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Nova Scotia woman strikes gold in national treasure hunting contest


HALIFAX — It's a modern-day version of an activity typically associated with Captain Kidd and Old West outlaws. 

A Nova Scotia geocacher has brought home the biggest bounty in a treasure hunting contest along the world's longest network of recreational trails.

Since August, adventurers from across the country have been combing the 24,000 kilometre length of The Great Trail, formerly known as the Trans Canada Trail, in search of hidden boxes containing prizes.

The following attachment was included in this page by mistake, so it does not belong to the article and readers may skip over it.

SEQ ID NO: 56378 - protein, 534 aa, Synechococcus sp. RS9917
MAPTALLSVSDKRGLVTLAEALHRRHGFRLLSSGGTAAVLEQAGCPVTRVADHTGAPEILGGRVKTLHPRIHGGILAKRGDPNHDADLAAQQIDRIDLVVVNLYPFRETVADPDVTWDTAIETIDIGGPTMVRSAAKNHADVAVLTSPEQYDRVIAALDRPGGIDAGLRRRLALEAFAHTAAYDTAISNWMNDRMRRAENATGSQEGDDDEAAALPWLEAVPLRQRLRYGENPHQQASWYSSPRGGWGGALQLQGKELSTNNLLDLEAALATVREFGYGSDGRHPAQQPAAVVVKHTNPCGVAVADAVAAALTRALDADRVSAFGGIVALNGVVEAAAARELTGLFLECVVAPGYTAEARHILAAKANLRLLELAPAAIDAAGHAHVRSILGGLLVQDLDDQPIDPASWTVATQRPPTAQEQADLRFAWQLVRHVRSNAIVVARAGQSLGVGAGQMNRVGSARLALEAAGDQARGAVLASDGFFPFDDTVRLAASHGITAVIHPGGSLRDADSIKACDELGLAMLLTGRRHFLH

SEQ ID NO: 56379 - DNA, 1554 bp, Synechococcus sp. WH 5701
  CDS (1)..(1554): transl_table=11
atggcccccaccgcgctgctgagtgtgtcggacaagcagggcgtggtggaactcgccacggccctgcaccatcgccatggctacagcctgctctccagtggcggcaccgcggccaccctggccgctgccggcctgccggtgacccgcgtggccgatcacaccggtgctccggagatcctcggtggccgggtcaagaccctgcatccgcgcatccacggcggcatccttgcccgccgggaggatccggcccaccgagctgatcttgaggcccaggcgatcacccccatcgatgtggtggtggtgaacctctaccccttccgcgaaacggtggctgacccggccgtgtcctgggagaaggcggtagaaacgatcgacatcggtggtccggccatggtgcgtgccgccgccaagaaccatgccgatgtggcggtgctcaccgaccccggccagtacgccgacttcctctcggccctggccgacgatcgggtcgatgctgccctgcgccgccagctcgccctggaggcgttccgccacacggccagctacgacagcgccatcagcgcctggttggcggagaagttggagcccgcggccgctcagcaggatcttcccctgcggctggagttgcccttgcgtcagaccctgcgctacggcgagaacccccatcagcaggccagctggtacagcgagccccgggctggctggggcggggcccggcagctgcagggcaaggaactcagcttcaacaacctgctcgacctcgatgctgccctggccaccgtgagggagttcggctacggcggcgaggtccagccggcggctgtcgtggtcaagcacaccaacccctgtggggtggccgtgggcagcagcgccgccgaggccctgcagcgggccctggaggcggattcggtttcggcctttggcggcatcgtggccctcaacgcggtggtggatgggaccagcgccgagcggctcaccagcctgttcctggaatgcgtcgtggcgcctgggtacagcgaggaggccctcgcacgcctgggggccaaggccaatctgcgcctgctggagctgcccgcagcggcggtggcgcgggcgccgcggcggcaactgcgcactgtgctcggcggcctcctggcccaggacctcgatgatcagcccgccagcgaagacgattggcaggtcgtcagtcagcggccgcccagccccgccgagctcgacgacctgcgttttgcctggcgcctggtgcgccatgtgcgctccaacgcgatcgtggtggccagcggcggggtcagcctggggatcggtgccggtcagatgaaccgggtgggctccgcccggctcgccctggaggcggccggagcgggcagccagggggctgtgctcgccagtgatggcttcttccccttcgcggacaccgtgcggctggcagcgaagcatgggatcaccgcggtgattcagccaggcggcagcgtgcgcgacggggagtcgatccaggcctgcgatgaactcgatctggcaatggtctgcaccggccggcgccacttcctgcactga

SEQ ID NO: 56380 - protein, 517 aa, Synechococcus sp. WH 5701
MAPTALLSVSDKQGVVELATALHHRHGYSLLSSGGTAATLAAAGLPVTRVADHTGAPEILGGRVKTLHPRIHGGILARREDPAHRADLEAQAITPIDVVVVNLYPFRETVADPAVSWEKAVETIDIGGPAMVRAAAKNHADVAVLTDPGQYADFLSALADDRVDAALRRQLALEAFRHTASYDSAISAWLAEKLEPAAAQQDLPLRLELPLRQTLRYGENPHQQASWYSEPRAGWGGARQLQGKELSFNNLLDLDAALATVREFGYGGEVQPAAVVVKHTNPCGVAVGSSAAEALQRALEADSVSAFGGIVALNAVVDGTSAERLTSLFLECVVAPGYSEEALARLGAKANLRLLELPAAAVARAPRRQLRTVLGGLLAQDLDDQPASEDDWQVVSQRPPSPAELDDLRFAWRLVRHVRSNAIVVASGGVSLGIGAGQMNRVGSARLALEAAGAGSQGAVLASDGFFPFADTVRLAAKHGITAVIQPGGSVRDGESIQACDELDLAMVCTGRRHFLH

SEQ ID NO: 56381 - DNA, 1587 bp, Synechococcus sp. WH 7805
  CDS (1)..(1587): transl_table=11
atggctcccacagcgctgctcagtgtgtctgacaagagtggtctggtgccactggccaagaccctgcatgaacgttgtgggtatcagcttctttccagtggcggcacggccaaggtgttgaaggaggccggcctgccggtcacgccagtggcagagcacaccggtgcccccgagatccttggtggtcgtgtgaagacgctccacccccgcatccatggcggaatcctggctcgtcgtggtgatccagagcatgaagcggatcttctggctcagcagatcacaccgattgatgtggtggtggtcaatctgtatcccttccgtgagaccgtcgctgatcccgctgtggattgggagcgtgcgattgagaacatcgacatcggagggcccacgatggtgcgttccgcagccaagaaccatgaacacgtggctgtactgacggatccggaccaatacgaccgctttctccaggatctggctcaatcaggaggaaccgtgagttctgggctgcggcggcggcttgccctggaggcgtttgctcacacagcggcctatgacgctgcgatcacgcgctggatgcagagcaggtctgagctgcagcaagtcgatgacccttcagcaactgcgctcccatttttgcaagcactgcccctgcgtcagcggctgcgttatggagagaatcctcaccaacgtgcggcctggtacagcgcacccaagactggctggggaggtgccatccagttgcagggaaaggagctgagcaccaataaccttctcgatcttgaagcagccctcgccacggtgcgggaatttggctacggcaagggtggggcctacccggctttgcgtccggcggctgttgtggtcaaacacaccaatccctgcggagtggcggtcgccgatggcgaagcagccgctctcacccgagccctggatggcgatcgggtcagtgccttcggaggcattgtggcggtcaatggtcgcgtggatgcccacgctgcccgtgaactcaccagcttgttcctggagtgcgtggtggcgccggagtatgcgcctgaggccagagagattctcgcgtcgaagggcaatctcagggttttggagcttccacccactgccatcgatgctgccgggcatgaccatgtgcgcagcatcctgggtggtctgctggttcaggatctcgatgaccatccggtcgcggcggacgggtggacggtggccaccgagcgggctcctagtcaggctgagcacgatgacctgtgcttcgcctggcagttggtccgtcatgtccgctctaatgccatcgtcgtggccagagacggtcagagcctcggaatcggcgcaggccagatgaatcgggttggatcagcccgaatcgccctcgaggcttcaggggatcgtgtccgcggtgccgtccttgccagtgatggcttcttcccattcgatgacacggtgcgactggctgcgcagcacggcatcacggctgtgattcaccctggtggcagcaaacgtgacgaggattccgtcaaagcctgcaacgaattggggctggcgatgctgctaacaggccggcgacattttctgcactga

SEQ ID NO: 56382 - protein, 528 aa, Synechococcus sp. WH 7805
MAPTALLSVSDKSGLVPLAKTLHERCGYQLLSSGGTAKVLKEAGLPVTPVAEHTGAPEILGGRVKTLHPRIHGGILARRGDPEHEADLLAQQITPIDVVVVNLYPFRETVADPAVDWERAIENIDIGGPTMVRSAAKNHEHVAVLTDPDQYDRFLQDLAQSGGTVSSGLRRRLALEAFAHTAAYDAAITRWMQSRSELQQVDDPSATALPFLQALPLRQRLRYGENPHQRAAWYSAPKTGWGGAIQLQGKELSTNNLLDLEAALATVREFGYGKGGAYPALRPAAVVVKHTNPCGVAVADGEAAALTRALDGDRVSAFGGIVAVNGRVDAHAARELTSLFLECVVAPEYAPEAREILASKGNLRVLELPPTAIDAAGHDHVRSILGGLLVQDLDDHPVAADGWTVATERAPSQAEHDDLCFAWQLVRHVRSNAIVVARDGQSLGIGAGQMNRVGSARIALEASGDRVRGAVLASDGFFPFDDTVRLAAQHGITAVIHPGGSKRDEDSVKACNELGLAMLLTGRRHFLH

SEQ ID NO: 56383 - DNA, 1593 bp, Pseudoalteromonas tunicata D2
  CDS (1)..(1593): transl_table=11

Janet Shellnutt, a geocache and outdoor enthusiast from Dartmouth, N.S., has won a trip for two onboard a One Ocean Expeditions vessel to Labrador and Torngat Mountains National Park.

Geocaching is an outdoor activity, similar to a scavenger hunt, that involves using GPS or other navigational systems and to hide and look for containers often containing a logbook and small goodies.

The Trans Canada Trail, the non-profit group that operates The Great Trail, says while the contest is over, some boxes will remain on the trail for other geocachers to use.

The Canadian Press

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